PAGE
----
The author rightly notes that many Americans are dubious about this president’s war propaganda. Like a growing number of Americans, we reject the Bush policy of global war. But this article has an important point, that the government can curb corporate profits in the interest of the public good. It’s happened before, and it’s worth thinking about now.

President Bush frequently compares the war in Iraq to World War II. While giving a speech at the U.S. Air Force Academy last year Mr. Bush noted, “Like the Second World War, our present conflict began with a ruthless surprise attack on the United States.” This summer, while speaking at a ceremony commemorating the 60th anniversary of World War II, Mr. Bush remarked, “We are again a nation at war. Once again, war came to our shores with a surprise attack that killed thousands in cold blood.”

While many Americans are dubious about these comparisons, perhaps we should take the president at his word. Maybe we are engaged in a global war. If that’s the case, then there is ample precedent for Mr. Bush to limit oil profits. Americans expect the president to do something that will lower the cost of gasoline.

Since last year, gasoline prices have risen 44 percent. After Hurricane Katrina hit the Gulf Coast, the price of gasoline skyrocketed. The oil companies Citgo, Mobil and Marathon all increased their gasoline prices by an average of 45 cents. The Department of Energy received over 5,000 calls in one day from consumers complaining that gasoline stations were gouging them. In Georgia, gasoline prices at some stations exceeded $6 per gallon. In Michigan, gasoline prices jumped almost $1 overnight.

Oil companies have made huge profits in recent years. Exxon Mobil has seen a 32 percent increase in its profits since 2004. Likewise, ConocoPhillips enjoyed a 56 percent increase in profits since last year. Much of these record profits is attributable to the fact that many companies bought oil reserves years ago when the prices were $10 to $25 per barrel. Oil prices are now going for upwards of $65 per barrel.

The price of gasoline and many other items also soared in World War II. Corporate profits more than doubled between 1939 and 1943. As a result, the federal government sought to lower prices and limit corporate profits during the war. This was accomplished largely by the Office of Price Administration (OPA).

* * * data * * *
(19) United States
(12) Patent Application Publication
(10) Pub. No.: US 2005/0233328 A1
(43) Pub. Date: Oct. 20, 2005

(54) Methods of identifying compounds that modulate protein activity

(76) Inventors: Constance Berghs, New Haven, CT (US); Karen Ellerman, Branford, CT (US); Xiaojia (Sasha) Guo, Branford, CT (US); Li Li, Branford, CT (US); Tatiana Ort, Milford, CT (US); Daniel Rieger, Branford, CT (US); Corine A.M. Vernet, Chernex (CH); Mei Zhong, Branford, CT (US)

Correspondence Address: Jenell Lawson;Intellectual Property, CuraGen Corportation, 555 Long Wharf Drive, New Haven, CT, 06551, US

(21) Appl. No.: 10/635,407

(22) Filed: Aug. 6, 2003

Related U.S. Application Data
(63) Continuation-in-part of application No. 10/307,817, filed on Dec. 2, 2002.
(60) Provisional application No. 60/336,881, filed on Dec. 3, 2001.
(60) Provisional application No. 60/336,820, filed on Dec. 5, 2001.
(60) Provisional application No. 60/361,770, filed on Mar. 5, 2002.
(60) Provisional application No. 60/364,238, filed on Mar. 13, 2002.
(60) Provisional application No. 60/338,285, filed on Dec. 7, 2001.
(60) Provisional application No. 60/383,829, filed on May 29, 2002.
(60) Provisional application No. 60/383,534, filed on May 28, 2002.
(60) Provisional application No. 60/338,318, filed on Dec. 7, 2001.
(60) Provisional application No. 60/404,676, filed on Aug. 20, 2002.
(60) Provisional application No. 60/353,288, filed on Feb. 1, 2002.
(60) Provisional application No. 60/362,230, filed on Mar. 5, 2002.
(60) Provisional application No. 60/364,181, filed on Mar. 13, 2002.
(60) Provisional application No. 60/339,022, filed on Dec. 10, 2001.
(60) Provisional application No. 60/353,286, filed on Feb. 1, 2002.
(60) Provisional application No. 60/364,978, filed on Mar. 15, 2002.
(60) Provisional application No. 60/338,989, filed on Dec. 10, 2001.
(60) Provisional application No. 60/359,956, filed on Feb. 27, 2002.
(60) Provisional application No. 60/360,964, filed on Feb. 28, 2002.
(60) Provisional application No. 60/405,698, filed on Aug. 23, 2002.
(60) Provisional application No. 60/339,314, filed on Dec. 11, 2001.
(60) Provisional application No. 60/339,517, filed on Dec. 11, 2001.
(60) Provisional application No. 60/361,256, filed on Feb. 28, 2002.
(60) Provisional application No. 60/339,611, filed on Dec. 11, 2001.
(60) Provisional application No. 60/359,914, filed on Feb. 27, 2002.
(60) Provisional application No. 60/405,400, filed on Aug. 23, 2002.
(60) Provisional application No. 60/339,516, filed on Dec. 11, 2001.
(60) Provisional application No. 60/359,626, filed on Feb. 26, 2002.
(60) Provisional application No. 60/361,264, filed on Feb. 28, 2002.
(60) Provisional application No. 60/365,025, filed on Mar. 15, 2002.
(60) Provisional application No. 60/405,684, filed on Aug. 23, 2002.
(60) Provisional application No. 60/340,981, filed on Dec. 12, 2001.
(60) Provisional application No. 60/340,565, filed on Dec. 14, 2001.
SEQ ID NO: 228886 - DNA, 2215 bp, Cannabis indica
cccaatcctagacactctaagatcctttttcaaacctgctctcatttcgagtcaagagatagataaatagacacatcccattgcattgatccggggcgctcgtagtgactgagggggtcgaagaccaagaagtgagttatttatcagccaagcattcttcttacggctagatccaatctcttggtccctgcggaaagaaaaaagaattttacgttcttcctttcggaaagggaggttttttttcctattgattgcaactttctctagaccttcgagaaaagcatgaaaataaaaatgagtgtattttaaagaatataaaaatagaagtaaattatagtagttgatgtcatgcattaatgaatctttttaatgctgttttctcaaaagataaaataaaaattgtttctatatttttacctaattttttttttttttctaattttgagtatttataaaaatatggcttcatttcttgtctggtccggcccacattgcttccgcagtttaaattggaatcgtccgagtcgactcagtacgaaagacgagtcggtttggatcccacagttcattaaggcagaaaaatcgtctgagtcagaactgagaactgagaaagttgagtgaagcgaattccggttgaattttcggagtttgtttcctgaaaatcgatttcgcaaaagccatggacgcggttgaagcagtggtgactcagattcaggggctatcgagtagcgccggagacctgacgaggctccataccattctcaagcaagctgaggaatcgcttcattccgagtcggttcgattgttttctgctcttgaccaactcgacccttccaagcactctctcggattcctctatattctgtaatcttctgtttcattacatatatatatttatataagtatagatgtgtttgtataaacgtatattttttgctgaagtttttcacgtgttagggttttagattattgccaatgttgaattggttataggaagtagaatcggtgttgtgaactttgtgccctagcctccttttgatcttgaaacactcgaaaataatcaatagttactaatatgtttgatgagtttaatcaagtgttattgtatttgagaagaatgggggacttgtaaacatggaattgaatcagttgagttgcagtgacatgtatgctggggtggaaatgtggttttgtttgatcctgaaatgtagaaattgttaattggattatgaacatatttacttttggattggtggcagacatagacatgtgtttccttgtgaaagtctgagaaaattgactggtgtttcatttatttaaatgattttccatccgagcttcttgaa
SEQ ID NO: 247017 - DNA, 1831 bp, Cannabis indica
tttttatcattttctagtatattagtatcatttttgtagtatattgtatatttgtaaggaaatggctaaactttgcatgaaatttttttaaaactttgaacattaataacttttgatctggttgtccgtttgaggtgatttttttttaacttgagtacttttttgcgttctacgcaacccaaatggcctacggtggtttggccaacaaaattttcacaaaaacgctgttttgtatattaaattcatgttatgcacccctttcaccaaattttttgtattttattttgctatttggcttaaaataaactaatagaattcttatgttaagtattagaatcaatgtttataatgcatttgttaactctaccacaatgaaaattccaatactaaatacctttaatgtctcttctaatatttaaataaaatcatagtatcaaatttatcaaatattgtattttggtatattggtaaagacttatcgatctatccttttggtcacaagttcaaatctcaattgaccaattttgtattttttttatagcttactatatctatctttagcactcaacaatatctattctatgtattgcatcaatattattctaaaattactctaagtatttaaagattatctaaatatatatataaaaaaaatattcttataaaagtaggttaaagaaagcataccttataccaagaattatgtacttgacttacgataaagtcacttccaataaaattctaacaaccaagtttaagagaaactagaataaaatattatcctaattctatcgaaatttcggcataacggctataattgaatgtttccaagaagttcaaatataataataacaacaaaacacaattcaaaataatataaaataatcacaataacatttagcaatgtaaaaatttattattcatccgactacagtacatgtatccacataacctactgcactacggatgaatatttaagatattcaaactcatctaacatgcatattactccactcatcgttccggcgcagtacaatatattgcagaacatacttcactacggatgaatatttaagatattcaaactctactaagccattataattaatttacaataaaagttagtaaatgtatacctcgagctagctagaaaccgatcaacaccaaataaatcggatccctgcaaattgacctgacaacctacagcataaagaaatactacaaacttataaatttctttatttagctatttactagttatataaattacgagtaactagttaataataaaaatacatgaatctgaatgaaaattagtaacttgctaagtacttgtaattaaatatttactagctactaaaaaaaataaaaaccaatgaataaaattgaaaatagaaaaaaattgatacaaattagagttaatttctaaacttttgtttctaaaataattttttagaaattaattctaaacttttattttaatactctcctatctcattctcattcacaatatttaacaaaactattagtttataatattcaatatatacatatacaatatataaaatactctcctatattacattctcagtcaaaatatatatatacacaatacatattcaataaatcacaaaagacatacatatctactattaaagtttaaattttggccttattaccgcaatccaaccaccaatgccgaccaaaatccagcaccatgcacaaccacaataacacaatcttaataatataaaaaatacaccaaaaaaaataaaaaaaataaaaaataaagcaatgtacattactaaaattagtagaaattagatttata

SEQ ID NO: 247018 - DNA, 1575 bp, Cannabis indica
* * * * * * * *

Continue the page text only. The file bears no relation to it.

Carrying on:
In 1941, President Roosevelt created the OPA, and gave it the authority to set the price of a product that it determined to be “generally fair and equitable.” Congress gave credence to this new governmental agency by passing the Emergency Price Control Act in 1942. The OPA also had the authority to sue corporations and retailers for damages if they violated the price limits. During the last year of World War II, more than 71,000 retailers were forced to pay $5.1 million for violating price limits.

Much like recent polls that have shown that Americans consider gasoline prices to be one of the most pressing issues that the government must address, in 1942 polls showed that the public wanted the government to limit the prices of many commodities. Consequently, the OPA simply froze most prices at their March 1942 level.

Businessmen complained that these governmental limitations on profits and prices violated their rights. However, the Supreme Court disagreed. In the case of Yakus v. United States, the court ruled in 1944, “There is no principle of law or provision of the Constitution which precludes Congress from making criminal the violation of an administration regulation.”

When the war ended the OPA was abolished. Not surprisingly, corporate profits soared. In the year following the end of World War II consumer prices rose 67.4 percent. According to economic historian Harold Vatter, one of the “outstanding economic performance achievements by the United States in World War II … was holding down prices, mainly by general government controls.”

President Bush insists that we are engaged in a global battle similar to the Second World War. If that’s the case, he should insist on limiting soaring oil prices. He has both historical and legal precedents to support this. However, it’s hard to imagine that he will. Given his close ties to the business community, and especially the oil industry, it seems likely that he won’t do much to stop rising gasoline prices.

Gene C. Gerard is a professor of American history at Tarrant County College in Arlington, Texas. This article was distributed by